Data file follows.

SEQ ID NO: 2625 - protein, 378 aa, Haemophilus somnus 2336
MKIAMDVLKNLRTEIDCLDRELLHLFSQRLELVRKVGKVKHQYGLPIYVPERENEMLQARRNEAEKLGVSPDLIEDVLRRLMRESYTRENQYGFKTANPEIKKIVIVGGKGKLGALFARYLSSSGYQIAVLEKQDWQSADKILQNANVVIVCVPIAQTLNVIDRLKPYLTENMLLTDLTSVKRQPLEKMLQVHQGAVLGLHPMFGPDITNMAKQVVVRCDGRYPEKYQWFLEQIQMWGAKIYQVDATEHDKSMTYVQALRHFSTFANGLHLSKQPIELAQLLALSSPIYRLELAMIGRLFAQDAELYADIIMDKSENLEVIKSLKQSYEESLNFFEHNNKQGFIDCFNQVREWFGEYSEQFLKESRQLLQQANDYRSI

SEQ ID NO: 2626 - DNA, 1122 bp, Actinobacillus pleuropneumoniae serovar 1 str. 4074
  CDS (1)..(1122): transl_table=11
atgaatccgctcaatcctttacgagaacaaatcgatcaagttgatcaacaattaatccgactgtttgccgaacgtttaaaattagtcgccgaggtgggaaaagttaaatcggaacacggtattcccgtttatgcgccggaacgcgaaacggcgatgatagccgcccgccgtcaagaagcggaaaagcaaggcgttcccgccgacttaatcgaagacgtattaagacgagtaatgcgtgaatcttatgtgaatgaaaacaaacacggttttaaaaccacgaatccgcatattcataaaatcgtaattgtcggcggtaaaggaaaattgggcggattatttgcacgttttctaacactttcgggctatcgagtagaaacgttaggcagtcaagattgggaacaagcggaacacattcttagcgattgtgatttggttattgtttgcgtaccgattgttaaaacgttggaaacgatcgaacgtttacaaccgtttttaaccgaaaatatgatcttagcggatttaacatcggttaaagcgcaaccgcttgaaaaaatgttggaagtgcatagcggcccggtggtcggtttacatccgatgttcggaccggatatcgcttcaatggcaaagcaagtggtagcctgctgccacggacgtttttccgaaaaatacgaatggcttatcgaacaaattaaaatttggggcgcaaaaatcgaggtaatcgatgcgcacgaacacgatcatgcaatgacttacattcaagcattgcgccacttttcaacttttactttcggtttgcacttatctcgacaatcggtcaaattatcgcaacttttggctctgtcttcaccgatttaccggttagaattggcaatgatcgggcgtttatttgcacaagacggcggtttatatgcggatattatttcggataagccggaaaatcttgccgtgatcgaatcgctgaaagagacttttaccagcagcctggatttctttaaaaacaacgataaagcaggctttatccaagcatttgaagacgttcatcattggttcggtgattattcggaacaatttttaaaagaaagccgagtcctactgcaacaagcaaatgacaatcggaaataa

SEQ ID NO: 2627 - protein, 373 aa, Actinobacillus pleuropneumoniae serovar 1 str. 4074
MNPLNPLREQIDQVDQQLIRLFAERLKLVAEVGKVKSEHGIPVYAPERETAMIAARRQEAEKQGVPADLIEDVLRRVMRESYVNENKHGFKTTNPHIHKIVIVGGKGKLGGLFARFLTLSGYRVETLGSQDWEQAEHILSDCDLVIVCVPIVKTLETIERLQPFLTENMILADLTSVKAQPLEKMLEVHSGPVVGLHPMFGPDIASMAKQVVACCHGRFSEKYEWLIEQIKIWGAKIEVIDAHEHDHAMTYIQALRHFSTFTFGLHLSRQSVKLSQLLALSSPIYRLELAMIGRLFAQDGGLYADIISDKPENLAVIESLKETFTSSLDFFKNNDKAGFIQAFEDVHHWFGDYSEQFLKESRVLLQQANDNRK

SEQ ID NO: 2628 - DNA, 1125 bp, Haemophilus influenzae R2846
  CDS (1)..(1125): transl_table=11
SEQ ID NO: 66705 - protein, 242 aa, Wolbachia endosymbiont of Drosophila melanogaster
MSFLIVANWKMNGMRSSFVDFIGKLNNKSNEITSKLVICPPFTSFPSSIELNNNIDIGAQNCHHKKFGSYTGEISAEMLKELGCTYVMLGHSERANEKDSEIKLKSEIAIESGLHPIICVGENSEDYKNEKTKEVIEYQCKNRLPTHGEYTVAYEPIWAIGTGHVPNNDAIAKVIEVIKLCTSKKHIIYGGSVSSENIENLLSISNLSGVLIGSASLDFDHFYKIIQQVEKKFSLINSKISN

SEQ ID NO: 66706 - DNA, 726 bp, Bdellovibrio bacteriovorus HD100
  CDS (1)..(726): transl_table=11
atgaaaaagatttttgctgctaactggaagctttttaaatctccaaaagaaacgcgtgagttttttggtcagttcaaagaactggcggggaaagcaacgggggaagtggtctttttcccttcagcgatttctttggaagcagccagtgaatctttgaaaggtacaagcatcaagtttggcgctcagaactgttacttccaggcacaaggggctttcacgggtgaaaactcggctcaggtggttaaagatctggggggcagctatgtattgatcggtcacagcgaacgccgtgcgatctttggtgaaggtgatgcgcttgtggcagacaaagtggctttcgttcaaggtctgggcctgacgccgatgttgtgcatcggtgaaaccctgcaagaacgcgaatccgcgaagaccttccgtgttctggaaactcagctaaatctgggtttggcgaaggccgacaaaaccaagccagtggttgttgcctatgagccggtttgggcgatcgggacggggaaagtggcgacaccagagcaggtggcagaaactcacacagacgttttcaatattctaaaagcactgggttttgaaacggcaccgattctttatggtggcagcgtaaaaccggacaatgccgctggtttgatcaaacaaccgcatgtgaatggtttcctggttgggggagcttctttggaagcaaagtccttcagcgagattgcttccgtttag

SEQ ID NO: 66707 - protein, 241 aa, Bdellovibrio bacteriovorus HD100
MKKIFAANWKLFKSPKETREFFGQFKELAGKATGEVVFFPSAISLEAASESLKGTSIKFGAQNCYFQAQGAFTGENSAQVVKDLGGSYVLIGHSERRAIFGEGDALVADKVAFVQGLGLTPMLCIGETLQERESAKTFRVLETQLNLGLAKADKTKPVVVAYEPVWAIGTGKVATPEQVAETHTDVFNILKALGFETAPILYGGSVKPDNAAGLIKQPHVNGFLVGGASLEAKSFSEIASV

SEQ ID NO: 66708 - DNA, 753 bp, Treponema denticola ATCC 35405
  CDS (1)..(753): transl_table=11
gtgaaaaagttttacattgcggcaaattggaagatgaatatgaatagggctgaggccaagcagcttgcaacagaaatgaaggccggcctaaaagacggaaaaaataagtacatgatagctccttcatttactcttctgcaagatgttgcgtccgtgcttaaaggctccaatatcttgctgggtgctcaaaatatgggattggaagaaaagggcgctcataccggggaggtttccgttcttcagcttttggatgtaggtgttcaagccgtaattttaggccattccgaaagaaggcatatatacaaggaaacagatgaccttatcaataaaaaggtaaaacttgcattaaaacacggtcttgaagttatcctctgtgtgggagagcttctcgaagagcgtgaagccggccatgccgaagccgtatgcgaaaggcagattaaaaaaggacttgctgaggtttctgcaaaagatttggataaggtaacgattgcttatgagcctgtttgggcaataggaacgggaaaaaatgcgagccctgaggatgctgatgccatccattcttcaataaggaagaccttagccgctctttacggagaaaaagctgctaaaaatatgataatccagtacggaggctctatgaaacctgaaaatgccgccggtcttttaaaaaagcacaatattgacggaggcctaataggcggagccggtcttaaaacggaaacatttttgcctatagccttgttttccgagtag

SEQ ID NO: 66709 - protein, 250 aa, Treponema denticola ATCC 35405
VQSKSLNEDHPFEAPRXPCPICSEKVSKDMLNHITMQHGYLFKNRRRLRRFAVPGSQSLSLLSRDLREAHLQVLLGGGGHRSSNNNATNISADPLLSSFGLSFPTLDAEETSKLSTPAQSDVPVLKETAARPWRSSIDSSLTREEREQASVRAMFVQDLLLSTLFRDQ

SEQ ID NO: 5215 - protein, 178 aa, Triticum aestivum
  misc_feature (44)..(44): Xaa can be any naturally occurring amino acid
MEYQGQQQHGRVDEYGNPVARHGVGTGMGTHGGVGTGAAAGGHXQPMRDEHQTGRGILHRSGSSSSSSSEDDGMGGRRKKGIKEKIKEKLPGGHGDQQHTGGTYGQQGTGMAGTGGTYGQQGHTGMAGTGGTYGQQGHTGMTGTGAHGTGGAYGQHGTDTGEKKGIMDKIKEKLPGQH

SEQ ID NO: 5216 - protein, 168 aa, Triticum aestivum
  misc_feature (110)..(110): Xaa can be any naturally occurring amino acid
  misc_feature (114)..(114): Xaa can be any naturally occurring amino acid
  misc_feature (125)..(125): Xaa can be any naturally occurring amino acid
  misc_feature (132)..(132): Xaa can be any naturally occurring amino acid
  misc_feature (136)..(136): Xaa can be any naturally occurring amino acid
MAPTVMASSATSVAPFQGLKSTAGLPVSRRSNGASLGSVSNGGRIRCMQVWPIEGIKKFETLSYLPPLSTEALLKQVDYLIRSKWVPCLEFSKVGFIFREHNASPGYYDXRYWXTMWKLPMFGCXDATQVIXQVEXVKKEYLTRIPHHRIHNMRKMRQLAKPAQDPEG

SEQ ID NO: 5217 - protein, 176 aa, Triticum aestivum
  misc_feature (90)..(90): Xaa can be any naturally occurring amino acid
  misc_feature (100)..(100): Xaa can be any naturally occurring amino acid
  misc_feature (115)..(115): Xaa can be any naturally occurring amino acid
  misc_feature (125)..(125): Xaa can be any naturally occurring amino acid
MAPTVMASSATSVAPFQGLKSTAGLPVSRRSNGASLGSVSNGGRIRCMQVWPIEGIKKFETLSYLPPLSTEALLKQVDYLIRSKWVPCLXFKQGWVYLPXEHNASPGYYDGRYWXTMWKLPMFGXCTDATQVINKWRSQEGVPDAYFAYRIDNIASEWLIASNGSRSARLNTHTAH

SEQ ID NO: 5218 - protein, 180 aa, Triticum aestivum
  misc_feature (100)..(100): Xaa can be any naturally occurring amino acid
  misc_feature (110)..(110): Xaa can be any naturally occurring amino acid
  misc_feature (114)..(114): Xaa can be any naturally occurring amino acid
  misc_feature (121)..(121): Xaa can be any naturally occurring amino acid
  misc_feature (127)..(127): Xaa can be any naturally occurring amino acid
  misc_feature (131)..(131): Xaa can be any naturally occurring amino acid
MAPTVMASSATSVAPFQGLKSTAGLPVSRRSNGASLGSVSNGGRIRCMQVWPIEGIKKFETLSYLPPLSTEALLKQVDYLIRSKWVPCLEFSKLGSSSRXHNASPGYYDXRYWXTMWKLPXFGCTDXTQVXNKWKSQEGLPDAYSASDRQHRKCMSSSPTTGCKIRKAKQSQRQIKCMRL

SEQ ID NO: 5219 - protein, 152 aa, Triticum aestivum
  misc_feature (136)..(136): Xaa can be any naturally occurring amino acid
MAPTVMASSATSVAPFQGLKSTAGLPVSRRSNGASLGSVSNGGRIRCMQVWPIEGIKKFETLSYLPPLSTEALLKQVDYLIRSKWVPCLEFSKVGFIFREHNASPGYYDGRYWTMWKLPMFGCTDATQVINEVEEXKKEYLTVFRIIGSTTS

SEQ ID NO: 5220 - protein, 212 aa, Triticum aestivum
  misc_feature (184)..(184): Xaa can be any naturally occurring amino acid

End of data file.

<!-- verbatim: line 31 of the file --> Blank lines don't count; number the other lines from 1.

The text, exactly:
MAPTVMASSATSVAPFQGLKSTAGLPVSRRSNGASLGSVSNGGRIRCMQVWPIEGIKKFETLSYLPPLSTEALLKQVDYLIRSKWVPCLEFSKVGFIFREHNASPGYYDXRYWXTMWKLPMFGCXDATQVIXQVEXVKKEYLTRIPHHRIHNMRKMRQLAKPAQDPEG